May 10, 2004 | David F. Coppedge

Botulinum Toxin Deactivated by One Slight Change

A researcher at Brookhaven National Laboratory mutated a botulinum enzyme by just one amino acid, and abolished its toxicity.  The mutation, a change from a glutamate to a glutamine at one position, increased the distance from a zinc atom to a water molecule by 0.6 angstrom, less than one tenth of a billionth of a meter.  This was enough to prevent the botulinum enzyme from cleaving its target protein, a neurotransmitter.  The modified enzyme could still bind to it, but not cleave it.

This experiment points out the specificity of enzymes.  We are led to believe that evolution works by mutating things recklessly, but look how slight a change totally disarmed this enzyme.  A second observation is that toxins like botulinum might have originally had a beneficial function, but became toxic through degenerative mutations.  Though difficult to prove, it is an interesting suggestion that, just as with mentally ill humans, it doesn’t take much to turn a benign individual into a killer.  That isn’t evolution.  It’s a breakdown in quality control.  Another possibility is that botulinum’s function, cleaving a neurotransmitter, was originally beneficial.  As reported before, many deadly poisons actually follow a “hormesis” curve and only become harmful above certain levels (see 02/12/2003 headline).  Botox is now all the rage.  In minute amounts, it is proving versatile for everything from beauty treatments to tumor reduction; see for instance this report on EurekAlert about University of Pittsburgh scientists using to ease symptoms of enlarged prostate.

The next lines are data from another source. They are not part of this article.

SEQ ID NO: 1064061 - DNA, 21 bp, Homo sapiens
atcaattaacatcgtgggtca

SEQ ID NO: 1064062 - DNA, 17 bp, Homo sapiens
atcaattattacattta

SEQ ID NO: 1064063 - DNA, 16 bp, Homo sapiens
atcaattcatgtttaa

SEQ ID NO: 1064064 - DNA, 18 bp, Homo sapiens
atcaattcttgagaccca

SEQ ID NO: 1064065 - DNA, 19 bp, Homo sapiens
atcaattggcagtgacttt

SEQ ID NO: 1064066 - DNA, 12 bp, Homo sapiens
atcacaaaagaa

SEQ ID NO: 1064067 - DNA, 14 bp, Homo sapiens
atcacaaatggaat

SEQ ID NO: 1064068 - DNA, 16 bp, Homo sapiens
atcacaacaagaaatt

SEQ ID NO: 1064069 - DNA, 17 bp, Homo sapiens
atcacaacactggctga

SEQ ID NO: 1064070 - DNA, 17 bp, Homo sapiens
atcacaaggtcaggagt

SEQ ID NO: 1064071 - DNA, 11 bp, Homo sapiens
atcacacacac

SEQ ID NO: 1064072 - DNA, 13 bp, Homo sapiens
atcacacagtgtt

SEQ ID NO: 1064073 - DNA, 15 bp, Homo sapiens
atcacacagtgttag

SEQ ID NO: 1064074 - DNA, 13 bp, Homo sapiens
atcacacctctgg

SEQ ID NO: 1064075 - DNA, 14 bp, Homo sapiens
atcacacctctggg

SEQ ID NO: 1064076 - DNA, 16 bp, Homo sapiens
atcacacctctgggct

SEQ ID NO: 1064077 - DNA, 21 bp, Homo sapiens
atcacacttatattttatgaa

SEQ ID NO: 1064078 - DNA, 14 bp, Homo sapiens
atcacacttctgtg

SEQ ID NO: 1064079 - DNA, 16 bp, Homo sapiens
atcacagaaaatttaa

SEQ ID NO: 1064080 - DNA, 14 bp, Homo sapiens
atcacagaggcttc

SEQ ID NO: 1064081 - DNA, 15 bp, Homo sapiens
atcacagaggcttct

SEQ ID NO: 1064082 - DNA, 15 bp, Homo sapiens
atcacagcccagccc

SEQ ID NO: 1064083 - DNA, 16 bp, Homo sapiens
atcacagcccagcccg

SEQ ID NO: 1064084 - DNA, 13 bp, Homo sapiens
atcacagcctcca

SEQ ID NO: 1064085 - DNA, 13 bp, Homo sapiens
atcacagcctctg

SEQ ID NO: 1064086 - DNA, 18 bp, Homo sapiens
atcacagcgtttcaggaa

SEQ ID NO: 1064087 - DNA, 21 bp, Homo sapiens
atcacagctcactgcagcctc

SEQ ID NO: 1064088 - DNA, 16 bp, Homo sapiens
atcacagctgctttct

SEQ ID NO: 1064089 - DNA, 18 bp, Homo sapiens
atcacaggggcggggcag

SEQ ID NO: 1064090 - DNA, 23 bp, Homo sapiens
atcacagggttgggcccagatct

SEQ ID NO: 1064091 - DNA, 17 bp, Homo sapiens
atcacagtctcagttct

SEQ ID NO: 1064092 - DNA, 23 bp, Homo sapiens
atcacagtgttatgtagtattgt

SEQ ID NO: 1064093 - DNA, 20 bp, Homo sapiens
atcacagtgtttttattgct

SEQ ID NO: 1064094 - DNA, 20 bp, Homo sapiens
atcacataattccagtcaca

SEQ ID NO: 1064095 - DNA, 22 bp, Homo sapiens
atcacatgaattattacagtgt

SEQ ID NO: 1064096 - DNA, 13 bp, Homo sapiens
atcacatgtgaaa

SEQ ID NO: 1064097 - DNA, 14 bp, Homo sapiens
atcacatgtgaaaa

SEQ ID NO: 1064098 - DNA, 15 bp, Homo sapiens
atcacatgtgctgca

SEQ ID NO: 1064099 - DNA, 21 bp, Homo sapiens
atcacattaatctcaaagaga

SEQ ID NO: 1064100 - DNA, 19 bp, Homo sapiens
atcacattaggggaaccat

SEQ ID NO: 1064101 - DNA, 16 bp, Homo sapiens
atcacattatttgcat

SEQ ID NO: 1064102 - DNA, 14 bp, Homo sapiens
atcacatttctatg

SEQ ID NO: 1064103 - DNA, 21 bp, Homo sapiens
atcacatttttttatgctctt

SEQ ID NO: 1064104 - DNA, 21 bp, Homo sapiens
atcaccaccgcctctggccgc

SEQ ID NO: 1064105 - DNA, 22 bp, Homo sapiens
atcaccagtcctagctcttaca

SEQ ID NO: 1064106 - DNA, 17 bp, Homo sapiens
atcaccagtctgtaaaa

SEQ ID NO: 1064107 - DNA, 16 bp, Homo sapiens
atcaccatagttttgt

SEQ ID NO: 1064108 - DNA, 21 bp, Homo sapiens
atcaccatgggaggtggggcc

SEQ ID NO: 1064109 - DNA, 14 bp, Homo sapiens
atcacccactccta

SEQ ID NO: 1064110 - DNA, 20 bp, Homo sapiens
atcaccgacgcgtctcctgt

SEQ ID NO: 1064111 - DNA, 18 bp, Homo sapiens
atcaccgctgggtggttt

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Categories: Cell Biology

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